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Press Release

South Korean Businessman Convicted on Fraud Charges in Scheme to Deceive U.S. Municipalities out of Federal Stimulus Funds

For Immediate Release
U.S. Attorney's Office, Northern District of Illinois

CHICAGO — A jury has convicted a South Korean businessman on multiple fraud charges for deceiving U.S. municipalities into spending federal stimulus money on his company’s foreign-made products.


HEON SEOK LEE, Chief Executive Officer and President of KTURBO and KTURBO USA, secured contracts to supply numerous municipalities across the United States with wastewater-treatment aeration blowers that Lee falsely represented had been manufactured in the United States. The false representations entitled Lee’s companies to win contracts funded through the stimulus package that the federal government provided to municipalities under the American Recovery and Reinvestment Act of 2009. In reality, Lee knew that KTURBO fully assembled its aeration blowers in South Korea and shipped them in final form to the United States, with the intention of obtaining in excess of $1.3 million from the fraudulently obtained contracts.


After an eight-day trial in federal court in Chicago, the jury on Wednesday found Lee, 50, of Seoul, South Korea, guilty of five counts of wire fraud and three counts of fraudulent importation of goods into the United States. Each count is punishable by up to 20 years in prison.


U.S. District Judge Sharon Johnson Coleman has not yet scheduled sentencing.


The conviction was announced by Joel R. Levin, Acting United States Attorney for the Northern District of Illinois; James M. Gibbons, Special Agent-in-Charge of the Chicago Office of the U.S. Immigration and Customs Enforcement’s Homeland Security Investigations; and Joseph Gonzales, Special Agent-in-Charge of the U.S. Environmental Protection Agency Office of Inspector General. The U.S. Department of Health and Human Services Office of Inspector General also provided assistance.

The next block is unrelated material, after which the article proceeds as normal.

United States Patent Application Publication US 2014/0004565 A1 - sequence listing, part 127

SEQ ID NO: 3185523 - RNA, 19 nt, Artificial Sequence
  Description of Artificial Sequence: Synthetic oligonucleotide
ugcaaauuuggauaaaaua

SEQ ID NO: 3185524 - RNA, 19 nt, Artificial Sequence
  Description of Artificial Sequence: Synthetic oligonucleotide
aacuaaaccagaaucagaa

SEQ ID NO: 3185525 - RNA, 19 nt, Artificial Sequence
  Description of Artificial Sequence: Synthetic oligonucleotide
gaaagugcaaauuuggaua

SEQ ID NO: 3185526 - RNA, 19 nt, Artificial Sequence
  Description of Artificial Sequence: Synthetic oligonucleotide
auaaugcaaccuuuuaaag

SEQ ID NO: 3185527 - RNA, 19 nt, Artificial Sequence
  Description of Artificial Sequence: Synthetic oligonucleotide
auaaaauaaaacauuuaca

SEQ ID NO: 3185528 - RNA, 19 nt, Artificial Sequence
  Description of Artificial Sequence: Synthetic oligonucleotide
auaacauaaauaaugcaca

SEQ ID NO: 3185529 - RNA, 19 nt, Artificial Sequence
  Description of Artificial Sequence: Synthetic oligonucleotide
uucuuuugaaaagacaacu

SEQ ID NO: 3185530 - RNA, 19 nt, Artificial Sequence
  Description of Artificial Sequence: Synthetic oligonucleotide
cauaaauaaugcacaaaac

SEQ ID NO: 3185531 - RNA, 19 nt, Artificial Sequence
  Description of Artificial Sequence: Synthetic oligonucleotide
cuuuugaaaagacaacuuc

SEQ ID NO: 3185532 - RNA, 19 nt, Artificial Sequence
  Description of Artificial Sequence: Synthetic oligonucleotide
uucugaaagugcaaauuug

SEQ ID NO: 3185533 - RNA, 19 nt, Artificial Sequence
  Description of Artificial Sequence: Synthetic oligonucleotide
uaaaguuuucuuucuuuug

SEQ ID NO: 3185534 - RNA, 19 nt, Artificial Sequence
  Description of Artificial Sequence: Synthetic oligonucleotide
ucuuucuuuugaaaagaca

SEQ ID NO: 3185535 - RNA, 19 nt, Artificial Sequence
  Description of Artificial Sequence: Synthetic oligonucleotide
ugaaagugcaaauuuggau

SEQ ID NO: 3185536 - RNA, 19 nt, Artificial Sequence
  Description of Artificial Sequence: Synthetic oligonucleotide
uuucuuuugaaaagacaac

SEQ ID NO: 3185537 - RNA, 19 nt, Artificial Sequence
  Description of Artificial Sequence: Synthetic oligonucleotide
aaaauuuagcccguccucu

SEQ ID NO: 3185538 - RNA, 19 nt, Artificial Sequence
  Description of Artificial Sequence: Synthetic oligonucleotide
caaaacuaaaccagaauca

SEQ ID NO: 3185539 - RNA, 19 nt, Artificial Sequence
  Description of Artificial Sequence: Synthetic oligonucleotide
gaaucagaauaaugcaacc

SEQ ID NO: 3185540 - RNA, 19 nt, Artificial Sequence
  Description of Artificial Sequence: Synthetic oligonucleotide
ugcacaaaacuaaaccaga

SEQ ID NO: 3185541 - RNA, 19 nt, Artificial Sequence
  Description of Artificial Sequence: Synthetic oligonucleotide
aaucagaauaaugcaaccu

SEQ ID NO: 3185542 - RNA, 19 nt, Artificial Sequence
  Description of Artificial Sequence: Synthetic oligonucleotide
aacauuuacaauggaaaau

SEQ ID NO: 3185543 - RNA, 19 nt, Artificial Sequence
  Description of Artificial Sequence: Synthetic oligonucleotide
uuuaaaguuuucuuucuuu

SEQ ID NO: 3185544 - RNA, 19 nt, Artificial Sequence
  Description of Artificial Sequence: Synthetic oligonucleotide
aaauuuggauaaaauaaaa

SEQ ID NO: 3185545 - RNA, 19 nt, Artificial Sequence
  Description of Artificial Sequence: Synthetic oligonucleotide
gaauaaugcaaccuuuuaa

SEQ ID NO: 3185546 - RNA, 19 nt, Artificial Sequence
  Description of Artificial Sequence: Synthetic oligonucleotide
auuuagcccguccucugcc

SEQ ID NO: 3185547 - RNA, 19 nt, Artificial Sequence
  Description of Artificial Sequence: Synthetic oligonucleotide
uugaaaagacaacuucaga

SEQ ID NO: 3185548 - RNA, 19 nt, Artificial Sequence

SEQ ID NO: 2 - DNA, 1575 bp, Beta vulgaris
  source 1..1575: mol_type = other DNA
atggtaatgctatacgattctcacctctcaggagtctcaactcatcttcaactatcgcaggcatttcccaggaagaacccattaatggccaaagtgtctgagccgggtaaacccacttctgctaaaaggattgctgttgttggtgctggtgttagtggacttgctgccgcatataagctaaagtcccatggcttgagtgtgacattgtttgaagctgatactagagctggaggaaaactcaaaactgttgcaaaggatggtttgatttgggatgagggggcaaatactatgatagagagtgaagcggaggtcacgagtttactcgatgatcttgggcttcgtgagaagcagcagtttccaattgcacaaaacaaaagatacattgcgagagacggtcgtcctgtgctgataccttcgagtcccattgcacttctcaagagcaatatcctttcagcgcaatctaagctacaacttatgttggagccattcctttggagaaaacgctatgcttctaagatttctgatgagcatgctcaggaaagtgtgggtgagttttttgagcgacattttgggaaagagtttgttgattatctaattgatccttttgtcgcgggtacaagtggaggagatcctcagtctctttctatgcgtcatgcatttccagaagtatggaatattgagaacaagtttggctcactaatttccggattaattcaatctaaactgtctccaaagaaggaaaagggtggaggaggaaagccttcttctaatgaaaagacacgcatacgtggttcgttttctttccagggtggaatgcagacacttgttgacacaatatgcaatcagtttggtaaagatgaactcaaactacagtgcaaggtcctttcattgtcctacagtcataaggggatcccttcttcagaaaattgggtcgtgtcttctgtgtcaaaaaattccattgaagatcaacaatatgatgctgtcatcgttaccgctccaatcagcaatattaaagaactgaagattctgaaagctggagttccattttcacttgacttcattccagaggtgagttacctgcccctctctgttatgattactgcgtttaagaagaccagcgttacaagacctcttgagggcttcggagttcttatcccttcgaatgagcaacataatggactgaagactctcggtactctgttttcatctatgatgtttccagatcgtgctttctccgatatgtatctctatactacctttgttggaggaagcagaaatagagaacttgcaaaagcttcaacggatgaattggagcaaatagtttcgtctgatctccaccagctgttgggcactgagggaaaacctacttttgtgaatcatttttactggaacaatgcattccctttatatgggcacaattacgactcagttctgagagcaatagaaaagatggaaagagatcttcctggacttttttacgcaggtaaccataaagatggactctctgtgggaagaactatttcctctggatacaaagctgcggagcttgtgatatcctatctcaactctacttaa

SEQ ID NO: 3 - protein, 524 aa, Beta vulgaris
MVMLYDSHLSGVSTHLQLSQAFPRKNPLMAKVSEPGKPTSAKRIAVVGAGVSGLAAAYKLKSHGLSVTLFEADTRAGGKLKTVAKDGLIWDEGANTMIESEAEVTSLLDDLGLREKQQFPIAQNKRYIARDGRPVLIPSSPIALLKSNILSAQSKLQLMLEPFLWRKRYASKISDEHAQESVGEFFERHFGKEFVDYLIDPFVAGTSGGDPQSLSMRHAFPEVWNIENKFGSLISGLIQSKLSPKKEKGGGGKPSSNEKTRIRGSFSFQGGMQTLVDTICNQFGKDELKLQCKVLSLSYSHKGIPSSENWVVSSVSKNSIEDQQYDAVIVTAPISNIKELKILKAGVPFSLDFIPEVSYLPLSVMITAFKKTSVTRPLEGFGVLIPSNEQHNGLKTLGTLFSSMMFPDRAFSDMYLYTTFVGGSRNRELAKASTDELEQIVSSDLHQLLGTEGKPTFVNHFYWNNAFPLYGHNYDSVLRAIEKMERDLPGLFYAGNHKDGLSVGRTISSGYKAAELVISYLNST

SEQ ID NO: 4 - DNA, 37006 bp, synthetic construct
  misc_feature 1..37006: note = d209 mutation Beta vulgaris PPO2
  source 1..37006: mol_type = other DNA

Congress passed ARRA to combat the Great Recession of 2008. Billions of dollars in stimulus funds went into the U.S. economy, including funds provided to municipalities and other local governments for the construction and renovation of wastewater treatment facilities. In order to receive ARRA funding, municipalities had their general contractors and engineering firms confirm that the contractors, subcontractors and vendors provided manufactured goods that complied with the “Buy American” provision in ARRA, which required that manufactured goods be “substantially transformed” in the United States.


Evidence at trial revealed that South Korea-based KTURBO, under Lee’s leadership and direction, in 2010 placed phony placards on its equipment stating that it was “Assembled in USA.” The fully assembled equipment – with placards – was then shipped from South Korea to the United States, for distribution to several municipalities across the country.


Law enforcement in 2011 searched KTURBO’s local facility in suburban Batavia, seizing blowers that had been fully manufactured in South Korea, as well as other relevant evidence. Lee was extradited to the United States in 2015.


The government is represented by Assistant U.S. Attorneys Patrick Otlewski and Megan Cunniff Church.

Updated March 16, 2017

Financial Fraud